On a practical level, you figure that the union would go to bat for veterans like Nelson Cruz and oppose such a proposal. Although if it permanently expands the DH to the NL, and comes with an extra bench spot... maybe there is a point where they go along with it? I’m not even quite clear on what new rules need union approval.

But both players and owners probably have enough conflict right now without introducing any more! (I would still like to see a meaningful pitch clock though, even though I know that is just another aesthetic fantasy :) )

#25 nicksaviking

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Posted 29 October 2020 - 09:34 PM

 

This is a discussion more than a proposal, so you can contribute ideas and clarifying language if you want.

 

I certainly didn't mean to propose that the pitcher and DH would be joined at the hip. So maybe a better way to phrase the idea:

 

If you remove a pitcher from the game, the next pitcher will take the current DH's spot in the batting order. That pitcher would also be eligible to be replaced by another DH for as long as they are in the game. You can still freely substitute for the DH at any time with no effect on the pitcher.

 

I guess I didn't realize this part was your proposal, I thought it was something that was being discussed league wide. 

 

But I must be missing something, I assumed most of these replies were in response to that Tweet you included in the OP, not a direct rebuttal of your proposals. Mine was anyway.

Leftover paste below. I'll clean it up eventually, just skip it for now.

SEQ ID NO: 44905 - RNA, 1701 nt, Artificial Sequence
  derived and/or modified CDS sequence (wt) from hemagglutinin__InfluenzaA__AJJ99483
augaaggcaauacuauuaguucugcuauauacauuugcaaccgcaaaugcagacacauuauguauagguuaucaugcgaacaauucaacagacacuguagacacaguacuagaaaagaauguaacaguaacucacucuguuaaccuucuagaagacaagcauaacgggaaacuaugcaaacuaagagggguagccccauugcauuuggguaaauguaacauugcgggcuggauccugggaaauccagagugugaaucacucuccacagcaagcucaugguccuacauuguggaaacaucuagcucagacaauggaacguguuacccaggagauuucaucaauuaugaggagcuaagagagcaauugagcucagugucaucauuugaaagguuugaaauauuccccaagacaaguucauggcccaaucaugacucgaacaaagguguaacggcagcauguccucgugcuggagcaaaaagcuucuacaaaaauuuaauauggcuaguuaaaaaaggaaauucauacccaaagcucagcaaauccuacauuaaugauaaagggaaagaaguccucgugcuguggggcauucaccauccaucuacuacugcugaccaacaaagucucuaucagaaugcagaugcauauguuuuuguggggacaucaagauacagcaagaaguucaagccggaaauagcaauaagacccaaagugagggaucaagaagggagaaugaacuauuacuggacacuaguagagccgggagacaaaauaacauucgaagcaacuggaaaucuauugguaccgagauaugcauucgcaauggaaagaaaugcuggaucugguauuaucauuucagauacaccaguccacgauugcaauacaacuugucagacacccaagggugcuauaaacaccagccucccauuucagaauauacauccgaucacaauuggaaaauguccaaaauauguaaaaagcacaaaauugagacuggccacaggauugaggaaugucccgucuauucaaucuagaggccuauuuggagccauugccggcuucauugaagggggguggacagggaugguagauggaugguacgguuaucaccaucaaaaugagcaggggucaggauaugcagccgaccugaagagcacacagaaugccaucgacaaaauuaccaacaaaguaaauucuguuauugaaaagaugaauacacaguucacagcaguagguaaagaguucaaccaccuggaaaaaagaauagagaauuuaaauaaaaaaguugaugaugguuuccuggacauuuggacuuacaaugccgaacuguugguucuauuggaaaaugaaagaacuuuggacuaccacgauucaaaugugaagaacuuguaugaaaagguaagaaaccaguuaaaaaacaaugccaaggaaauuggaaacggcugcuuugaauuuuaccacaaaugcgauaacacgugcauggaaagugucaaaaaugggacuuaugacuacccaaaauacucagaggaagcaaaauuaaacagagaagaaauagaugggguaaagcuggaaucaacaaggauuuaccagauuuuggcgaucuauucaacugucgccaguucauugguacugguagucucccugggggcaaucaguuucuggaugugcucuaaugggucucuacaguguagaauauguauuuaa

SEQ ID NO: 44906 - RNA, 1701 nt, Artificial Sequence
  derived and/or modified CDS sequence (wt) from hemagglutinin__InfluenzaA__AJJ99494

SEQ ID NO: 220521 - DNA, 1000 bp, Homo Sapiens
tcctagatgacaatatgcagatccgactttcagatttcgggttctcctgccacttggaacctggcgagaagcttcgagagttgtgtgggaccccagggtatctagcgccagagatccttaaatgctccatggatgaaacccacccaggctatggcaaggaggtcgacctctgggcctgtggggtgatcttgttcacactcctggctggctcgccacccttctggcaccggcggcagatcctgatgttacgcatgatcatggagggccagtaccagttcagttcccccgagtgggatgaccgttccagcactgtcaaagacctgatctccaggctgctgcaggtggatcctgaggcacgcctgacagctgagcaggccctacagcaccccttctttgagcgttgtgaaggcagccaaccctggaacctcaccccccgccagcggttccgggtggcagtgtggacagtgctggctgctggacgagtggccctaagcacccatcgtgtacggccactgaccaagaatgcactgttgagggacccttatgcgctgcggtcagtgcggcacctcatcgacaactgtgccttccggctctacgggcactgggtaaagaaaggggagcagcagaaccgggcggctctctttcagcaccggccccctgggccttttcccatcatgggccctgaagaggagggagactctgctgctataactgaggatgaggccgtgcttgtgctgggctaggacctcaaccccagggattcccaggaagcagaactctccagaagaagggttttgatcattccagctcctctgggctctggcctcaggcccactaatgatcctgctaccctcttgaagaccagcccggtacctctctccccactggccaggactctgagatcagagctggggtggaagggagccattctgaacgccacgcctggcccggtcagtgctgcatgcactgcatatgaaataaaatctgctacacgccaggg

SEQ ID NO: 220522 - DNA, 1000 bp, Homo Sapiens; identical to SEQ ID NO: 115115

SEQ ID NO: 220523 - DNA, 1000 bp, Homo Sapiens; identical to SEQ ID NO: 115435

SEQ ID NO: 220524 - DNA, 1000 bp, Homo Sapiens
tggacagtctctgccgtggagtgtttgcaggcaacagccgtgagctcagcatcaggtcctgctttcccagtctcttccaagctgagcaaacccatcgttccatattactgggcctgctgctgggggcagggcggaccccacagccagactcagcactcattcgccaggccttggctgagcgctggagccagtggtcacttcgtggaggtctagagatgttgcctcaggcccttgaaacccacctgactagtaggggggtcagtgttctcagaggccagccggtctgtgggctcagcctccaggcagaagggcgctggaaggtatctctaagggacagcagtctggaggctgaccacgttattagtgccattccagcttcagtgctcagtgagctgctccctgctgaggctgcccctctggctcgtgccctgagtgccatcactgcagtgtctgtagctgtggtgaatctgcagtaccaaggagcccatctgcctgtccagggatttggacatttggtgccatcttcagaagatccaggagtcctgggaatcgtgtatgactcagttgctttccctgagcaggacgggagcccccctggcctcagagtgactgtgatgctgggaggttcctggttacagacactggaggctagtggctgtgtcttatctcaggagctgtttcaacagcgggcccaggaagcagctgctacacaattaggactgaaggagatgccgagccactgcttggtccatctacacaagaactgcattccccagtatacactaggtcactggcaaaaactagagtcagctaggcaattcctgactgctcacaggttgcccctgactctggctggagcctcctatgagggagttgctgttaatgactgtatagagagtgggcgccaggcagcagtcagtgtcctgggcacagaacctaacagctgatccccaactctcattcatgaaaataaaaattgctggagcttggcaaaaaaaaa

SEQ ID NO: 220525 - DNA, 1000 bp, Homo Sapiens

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#26 Nine of twelve

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Posted 30 October 2020 - 05:07 AM

 

Just curious: do you like the current pace of action? Meaning, high levels of strikeouts, and low levels of balls in play? If you don’t think there is any meaningful level of disease, then of course any kind of cure is going to be unnecessary.

I’m not prepared to quit the sport over it or anything, but I would like to see some efforts to address those issues. This seemed like a nudge in that direction, less extreme than other proposals, and it seemed like it complemented recent changes like roster expansion, limit on rostered pitchers, and even the 3 batter minimum and maybe even the attempt to get the DH permanently accepted in the NL. Plus the apparent reluctance to reduce time of game — what can we do to improve pace / increase action within that time of game?